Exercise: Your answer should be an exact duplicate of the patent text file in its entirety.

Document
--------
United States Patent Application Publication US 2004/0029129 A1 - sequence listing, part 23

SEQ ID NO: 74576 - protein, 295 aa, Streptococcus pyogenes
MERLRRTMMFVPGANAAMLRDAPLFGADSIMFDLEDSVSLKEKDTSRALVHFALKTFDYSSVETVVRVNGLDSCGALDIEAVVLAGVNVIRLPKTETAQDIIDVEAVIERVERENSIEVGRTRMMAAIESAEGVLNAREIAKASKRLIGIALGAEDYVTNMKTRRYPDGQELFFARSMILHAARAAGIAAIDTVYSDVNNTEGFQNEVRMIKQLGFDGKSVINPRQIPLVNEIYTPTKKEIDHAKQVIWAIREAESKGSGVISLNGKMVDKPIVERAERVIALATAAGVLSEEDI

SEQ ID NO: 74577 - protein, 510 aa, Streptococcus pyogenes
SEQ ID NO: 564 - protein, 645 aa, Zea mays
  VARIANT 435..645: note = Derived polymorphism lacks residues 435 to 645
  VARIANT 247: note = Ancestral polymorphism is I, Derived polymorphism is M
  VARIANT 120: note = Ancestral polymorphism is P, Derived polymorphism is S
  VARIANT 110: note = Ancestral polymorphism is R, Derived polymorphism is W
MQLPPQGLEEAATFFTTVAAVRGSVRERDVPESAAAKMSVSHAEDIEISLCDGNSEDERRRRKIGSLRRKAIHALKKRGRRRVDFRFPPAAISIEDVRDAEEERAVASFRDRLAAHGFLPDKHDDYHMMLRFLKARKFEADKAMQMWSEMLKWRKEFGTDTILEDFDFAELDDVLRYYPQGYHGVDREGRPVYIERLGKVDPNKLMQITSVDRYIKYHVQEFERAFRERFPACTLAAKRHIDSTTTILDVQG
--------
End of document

United States Patent Application Publication US 2004/0029129 A1 - sequence listing, part 23

SEQ ID NO: 74576 - protein, 295 aa, Streptococcus pyogenes
MERLRRTMMFVPGANAAMLRDAPLFGADSIMFDLEDSVSLKEKDTSRALVHFALKTFDYSSVETVVRVNGLDSCGALDIEAVVLAGVNVIRLPKTETAQDIIDVEAVIERVERENSIEVGRTRMMAAIESAEGVLNAREIAKASKRLIGIALGAEDYVTNMKTRRYPDGQELFFARSMILHAARAAGIAAIDTVYSDVNNTEGFQNEVRMIKQLGFDGKSVINPRQIPLVNEIYTPTKKEIDHAKQVIWAIREAESKGSGVISLNGKMVDKPIVERAERVIALATAAGVLSEEDI

SEQ ID NO: 74577 - protein, 510 aa, Streptococcus pyogenes
SEQ ID NO: 564 - protein, 645 aa, Zea mays
  VARIANT 435..645: note = Derived polymorphism lacks residues 435 to 645
  VARIANT 247: note = Ancestral polymorphism is I, Derived polymorphism is M
  VARIANT 120: note = Ancestral polymorphism is P, Derived polymorphism is S
  VARIANT 110: note = Ancestral polymorphism is R, Derived polymorphism is W
MQLPPQGLEEAATFFTTVAAVRGSVRERDVPESAAAKMSVSHAEDIEISLCDGNSEDERRRRKIGSLRRKAIHALKKRGRRRVDFRFPPAAISIEDVRDAEEERAVASFRDRLAAHGFLPDKHDDYHMMLRFLKARKFEADKAMQMWSEMLKWRKEFGTDTILEDFDFAELDDVLRYYPQGYHGVDREGRPVYIERLGKVDPNKLMQITSVDRYIKYHVQEFERAFRERFPACTLAAKRHIDSTTTILDVQG